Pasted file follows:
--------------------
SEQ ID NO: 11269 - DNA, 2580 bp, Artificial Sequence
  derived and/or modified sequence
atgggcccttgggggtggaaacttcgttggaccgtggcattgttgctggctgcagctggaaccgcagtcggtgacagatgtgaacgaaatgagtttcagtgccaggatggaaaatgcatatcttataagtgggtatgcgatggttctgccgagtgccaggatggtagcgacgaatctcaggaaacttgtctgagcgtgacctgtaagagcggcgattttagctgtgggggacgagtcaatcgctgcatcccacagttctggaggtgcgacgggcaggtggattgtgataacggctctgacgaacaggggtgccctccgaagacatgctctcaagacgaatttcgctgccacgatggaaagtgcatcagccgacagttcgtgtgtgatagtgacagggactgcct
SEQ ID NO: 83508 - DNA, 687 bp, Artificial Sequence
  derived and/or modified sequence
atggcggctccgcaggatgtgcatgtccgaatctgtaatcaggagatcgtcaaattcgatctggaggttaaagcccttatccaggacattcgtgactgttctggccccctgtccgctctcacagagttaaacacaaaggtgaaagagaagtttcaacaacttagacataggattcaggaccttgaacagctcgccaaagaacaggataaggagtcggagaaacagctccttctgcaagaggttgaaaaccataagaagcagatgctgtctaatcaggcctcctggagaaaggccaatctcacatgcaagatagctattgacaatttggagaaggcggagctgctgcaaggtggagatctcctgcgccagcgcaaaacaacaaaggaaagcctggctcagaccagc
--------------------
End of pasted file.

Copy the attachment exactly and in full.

SEQ ID NO: 11269 - DNA, 2580 bp, Artificial Sequence
  derived and/or modified sequence
atgggcccttgggggtggaaacttcgttggaccgtggcattgttgctggctgcagctggaaccgcagtcggtgacagatgtgaacgaaatgagtttcagtgccaggatggaaaatgcatatcttataagtgggtatgcgatggttctgccgagtgccaggatggtagcgacgaatctcaggaaacttgtctgagcgtgacctgtaagagcggcgattttagctgtgggggacgagtcaatcgctgcatcccacagttctggaggtgcgacgggcaggtggattgtgataacggctctgacgaacaggggtgccctccgaagacatgctctcaagacgaatttcgctgccacgatggaaagtgcatcagccgacagttcgtgtgtgatagtgacagggactgcct
SEQ ID NO: 83508 - DNA, 687 bp, Artificial Sequence
  derived and/or modified sequence
atggcggctccgcaggatgtgcatgtccgaatctgtaatcaggagatcgtcaaattcgatctggaggttaaagcccttatccaggacattcgtgactgttctggccccctgtccgctctcacagagttaaacacaaaggtgaaagagaagtttcaacaacttagacataggattcaggaccttgaacagctcgccaaagaacaggataaggagtcggagaaacagctccttctgcaagaggttgaaaaccataagaagcagatgctgtctaatcaggcctcctggagaaaggccaatctcacatgcaagatagctattgacaatttggagaaggcggagctgctgcaaggtggagatctcctgcgccagcgcaaaacaacaaaggaaagcctggctcagaccagc